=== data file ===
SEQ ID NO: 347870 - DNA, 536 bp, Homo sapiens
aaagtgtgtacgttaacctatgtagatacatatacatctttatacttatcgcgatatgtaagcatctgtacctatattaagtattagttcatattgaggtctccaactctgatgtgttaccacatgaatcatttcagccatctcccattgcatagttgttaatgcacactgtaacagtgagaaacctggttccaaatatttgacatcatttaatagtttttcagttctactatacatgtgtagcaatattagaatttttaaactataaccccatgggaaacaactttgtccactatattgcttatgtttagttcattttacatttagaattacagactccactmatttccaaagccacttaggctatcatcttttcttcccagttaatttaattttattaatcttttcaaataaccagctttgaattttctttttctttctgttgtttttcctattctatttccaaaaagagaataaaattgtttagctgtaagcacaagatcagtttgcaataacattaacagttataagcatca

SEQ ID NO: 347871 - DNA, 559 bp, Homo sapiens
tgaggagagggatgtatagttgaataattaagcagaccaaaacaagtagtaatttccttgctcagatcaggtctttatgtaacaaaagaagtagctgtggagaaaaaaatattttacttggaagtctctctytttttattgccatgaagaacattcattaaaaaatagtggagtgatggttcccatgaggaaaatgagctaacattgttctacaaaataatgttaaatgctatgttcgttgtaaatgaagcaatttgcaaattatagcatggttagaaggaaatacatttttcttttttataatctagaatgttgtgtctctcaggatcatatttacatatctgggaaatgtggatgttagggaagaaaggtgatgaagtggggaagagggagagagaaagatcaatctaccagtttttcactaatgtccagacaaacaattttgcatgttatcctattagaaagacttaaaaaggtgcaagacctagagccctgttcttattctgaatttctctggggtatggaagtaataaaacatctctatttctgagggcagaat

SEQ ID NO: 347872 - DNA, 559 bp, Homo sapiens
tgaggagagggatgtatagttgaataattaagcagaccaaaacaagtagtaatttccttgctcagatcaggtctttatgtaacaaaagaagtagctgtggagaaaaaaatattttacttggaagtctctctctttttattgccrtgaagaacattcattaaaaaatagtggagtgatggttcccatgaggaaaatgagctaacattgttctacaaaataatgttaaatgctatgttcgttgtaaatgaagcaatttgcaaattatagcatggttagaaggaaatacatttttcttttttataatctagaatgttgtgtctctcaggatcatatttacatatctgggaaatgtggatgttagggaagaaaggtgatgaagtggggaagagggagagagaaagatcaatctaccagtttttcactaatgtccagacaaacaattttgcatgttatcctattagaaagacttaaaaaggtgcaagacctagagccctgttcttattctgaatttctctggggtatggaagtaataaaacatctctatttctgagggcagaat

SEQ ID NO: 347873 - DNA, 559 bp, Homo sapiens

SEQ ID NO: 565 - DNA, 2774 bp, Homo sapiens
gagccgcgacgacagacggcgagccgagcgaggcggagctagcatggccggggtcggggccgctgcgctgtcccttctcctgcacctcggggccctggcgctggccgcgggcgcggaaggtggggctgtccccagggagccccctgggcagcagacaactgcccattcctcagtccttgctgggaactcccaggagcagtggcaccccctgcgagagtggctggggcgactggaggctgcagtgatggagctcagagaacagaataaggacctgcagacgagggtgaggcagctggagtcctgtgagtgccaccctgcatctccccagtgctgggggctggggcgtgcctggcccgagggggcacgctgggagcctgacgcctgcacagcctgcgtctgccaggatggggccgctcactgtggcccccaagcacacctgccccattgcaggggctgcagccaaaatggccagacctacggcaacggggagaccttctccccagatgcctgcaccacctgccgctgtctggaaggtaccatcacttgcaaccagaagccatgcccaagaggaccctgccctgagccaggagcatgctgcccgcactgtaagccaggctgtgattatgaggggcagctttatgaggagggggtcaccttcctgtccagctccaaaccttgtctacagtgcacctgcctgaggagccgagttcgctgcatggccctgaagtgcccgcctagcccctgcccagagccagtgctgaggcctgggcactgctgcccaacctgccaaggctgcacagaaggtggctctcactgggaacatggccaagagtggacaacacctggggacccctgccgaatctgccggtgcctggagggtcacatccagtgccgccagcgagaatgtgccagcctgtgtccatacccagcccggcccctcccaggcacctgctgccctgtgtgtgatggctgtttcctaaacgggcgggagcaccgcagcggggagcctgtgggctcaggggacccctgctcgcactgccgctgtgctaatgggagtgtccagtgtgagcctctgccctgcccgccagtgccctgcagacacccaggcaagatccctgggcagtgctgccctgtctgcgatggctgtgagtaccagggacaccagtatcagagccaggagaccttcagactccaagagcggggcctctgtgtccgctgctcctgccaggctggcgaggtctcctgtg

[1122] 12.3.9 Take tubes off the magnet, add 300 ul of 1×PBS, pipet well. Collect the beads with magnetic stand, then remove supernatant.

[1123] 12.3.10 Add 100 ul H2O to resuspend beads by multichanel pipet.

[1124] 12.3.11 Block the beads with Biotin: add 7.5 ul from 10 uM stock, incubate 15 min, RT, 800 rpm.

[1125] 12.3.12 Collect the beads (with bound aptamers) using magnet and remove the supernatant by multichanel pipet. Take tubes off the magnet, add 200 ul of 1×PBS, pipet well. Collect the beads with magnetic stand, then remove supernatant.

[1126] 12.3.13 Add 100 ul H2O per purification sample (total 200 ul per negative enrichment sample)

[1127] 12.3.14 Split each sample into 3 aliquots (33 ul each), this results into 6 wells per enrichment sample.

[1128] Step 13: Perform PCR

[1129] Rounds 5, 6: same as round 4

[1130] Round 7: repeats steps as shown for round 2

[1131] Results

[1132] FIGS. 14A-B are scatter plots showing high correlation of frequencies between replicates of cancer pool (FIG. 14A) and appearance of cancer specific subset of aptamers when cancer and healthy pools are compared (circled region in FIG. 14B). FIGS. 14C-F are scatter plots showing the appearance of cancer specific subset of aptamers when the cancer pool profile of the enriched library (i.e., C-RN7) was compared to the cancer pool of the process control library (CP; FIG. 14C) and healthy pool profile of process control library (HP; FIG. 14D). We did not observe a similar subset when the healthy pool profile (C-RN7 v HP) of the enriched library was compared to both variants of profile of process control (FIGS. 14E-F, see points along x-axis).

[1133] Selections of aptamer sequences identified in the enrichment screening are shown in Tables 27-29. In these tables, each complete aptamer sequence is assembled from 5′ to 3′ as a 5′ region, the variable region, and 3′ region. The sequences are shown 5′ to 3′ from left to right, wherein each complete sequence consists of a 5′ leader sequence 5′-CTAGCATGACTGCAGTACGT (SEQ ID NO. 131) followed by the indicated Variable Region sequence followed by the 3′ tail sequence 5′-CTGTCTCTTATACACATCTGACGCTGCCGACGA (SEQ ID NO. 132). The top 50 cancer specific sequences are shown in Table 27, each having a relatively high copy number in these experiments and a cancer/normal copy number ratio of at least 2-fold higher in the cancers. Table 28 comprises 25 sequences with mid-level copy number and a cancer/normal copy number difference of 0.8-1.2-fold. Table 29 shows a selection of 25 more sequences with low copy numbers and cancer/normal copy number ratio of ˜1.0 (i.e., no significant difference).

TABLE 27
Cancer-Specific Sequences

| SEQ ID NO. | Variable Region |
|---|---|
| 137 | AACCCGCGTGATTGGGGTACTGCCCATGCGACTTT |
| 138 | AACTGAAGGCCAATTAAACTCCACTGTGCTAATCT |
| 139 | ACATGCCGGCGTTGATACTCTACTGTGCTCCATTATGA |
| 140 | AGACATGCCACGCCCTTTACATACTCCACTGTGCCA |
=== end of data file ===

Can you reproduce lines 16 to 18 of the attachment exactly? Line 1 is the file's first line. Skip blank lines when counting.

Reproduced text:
[1128] Step 13: Perform PCR

[1129] Rounds 5, 6: same as round 4

[1130] Round 7: repeats steps as shown for round 2